End-Of-Life Medical Spending In Last Twelve Months Of Life Is Lower Than Previously Reported
Author: Eric B. French, Jeremy McCauley, Maria Aragon, Pieter Bakx, Martin Chalkley, Stacey H. Chen, Bent J. Christensen, Hongwei Chuang, Aurelie Côté-Sergent, Mariacristina De Nardi, Elliott Fan, Damien Échevin, Pierre-Yves Geoffard, Christelle Gastaldi-Ménager, Mette Gørtz, Yoko Ibuka, John B. Jones, Malene Kallestrup-Lamb, Martin Karlsson, Tobias J. Klein, Grégoire de Lagasnerie, Pierre-Carl Michaud, Owen O’Donnell, Nigel Rice, Jonathan S. Skinner, Eddy van Doorslaer, Nicolas R. Ziebarth, Elaine Kelly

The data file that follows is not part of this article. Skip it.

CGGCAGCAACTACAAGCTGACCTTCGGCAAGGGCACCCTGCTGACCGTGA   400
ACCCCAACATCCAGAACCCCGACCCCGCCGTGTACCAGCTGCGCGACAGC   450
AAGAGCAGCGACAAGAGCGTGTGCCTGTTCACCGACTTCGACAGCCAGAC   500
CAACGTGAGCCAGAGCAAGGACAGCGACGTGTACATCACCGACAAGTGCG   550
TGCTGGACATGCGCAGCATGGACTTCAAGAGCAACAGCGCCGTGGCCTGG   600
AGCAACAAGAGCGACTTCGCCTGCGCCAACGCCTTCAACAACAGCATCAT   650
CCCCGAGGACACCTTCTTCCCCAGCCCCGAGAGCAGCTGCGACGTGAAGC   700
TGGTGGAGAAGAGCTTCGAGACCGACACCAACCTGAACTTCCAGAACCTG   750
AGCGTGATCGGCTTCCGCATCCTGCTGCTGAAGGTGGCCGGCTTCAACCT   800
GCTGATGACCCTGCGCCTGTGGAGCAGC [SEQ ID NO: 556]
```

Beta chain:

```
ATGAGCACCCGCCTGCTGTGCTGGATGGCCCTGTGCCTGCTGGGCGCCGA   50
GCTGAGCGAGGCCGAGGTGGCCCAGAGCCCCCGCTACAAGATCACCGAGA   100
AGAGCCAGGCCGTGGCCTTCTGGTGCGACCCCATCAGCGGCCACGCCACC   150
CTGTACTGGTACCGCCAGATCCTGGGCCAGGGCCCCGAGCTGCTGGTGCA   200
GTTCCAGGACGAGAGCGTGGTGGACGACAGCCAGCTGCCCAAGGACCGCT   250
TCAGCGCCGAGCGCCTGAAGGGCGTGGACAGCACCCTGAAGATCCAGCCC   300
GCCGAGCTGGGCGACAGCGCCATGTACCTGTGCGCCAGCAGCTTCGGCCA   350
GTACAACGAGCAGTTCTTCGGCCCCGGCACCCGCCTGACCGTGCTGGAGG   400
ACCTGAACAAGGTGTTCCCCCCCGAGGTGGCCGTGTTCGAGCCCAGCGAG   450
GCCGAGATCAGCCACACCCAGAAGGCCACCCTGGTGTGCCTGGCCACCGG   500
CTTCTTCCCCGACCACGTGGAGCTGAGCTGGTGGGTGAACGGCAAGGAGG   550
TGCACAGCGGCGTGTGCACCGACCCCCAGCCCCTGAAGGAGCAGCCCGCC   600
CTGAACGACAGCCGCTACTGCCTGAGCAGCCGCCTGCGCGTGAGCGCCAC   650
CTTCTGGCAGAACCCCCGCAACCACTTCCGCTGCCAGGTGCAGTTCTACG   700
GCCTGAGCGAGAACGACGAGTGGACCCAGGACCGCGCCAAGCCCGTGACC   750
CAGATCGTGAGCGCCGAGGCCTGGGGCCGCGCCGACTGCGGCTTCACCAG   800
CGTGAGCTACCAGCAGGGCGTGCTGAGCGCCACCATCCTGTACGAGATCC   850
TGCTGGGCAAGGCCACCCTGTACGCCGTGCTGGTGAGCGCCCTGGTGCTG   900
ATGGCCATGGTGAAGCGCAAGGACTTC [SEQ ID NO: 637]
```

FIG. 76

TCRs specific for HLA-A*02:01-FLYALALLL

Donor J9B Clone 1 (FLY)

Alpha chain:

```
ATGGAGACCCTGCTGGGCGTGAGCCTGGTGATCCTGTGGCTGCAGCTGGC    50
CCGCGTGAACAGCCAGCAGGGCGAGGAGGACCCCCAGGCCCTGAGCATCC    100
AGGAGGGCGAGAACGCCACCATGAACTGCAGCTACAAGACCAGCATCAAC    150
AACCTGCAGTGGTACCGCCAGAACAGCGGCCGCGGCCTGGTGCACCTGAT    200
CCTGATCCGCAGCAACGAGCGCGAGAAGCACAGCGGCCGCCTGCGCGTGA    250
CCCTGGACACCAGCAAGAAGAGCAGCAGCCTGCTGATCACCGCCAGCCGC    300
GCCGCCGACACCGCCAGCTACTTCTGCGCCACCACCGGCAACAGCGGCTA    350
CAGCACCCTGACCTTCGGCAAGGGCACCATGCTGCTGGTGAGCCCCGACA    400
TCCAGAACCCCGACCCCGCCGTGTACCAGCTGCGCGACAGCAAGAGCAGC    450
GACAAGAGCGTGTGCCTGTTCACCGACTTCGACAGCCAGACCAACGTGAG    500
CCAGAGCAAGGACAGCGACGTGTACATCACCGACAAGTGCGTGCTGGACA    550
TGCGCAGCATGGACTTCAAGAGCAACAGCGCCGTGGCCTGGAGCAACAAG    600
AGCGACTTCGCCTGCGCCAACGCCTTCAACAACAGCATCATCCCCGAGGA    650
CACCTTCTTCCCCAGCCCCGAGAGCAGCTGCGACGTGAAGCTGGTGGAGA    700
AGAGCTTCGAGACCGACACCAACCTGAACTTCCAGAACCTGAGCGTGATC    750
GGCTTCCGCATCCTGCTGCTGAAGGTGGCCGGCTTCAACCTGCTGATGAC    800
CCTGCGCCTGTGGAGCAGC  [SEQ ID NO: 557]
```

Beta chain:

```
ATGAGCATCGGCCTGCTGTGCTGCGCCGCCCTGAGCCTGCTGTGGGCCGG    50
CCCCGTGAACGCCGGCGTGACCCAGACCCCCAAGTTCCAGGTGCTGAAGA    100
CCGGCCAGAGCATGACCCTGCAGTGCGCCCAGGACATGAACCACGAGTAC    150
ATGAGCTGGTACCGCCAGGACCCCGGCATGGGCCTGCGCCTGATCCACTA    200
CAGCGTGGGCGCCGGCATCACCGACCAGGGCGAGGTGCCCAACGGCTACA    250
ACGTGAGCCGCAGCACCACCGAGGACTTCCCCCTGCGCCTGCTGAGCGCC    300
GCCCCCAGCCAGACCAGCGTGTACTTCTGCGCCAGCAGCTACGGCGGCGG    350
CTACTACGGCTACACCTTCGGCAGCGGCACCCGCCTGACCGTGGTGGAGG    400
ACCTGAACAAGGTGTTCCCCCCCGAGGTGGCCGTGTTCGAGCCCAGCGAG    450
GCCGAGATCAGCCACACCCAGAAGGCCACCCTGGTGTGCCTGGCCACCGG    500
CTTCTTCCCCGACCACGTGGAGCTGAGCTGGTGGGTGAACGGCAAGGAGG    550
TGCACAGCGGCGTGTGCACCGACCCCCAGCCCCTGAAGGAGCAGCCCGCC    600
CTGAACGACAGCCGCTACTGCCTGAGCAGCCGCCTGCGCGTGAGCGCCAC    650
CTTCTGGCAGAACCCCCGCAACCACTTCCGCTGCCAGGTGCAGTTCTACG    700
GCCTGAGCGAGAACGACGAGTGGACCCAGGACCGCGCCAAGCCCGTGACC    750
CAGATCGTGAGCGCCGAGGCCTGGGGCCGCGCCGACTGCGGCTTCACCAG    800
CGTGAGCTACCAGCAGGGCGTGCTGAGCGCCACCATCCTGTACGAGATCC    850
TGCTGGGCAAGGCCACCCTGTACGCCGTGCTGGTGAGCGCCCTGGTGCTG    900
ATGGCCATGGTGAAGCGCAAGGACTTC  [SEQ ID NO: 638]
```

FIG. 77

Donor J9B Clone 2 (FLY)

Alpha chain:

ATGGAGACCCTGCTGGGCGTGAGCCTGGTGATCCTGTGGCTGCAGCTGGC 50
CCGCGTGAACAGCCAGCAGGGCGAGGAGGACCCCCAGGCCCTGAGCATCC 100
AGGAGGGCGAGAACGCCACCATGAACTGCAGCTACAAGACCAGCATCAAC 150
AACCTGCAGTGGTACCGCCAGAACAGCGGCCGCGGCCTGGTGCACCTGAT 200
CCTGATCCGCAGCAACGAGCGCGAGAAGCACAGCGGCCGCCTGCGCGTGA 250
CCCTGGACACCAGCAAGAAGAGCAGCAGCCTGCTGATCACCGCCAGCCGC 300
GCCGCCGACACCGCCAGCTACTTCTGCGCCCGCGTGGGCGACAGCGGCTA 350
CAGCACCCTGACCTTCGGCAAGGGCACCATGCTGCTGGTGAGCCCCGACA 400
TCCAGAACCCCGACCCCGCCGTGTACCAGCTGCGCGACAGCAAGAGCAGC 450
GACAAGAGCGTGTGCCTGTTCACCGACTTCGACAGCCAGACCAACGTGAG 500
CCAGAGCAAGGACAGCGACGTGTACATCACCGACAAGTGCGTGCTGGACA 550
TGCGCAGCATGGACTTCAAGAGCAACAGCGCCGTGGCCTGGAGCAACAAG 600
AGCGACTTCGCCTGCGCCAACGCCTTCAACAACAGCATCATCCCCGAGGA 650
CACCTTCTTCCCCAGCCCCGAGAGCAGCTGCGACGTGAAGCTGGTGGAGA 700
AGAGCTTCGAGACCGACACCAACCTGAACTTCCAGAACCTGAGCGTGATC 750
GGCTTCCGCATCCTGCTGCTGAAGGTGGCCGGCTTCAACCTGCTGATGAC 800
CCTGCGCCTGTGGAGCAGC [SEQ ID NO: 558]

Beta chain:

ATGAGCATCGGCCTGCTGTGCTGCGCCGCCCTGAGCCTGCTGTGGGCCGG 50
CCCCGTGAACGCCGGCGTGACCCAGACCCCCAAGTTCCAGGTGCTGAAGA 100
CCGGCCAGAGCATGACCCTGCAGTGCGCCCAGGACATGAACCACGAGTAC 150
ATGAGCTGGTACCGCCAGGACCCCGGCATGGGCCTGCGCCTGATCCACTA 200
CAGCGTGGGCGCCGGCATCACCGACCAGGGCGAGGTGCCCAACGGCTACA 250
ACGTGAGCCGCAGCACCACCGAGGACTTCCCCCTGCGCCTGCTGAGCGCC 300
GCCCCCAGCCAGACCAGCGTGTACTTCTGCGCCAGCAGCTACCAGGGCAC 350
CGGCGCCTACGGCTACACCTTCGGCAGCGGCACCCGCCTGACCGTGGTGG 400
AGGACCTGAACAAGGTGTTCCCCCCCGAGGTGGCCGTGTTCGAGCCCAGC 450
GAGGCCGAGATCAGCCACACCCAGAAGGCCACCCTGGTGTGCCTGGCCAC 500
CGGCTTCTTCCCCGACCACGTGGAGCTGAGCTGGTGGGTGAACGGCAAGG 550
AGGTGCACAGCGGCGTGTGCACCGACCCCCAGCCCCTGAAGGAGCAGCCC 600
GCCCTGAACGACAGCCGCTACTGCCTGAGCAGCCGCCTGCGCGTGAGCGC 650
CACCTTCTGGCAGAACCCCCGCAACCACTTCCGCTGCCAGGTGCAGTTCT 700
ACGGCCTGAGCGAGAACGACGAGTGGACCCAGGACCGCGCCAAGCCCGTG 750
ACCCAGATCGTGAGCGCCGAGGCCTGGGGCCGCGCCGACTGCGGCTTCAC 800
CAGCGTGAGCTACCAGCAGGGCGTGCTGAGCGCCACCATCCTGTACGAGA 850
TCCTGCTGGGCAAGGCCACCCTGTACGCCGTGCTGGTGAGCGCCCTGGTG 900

Although end-of-life medical spending is often viewed as a major component of aggregate medical expenditure, accurate measures of this type of medical spending are scarce. We used detailed health care data for the period 2009–11 from Denmark, England, France, Germany, Japan, the Netherlands, Taiwan, the United States, and the Canadian province of Quebec to measure the composition and magnitude of medical spending in the three years before death. In all nine countries, medical spending at the end of life was high relative to spending at other ages. Spending during the last twelve months of life made up a modest share of aggregate spending, ranging from 8.5 percent in the United States to 11.2 percent in Taiwan, but spending in the last three calendar years of life reached 24.5 percent in Taiwan. This suggests that high aggregate medical spending is due not to last-ditch efforts to save lives but to spending on people with chronic conditions, which are associated with shorter life expectancies.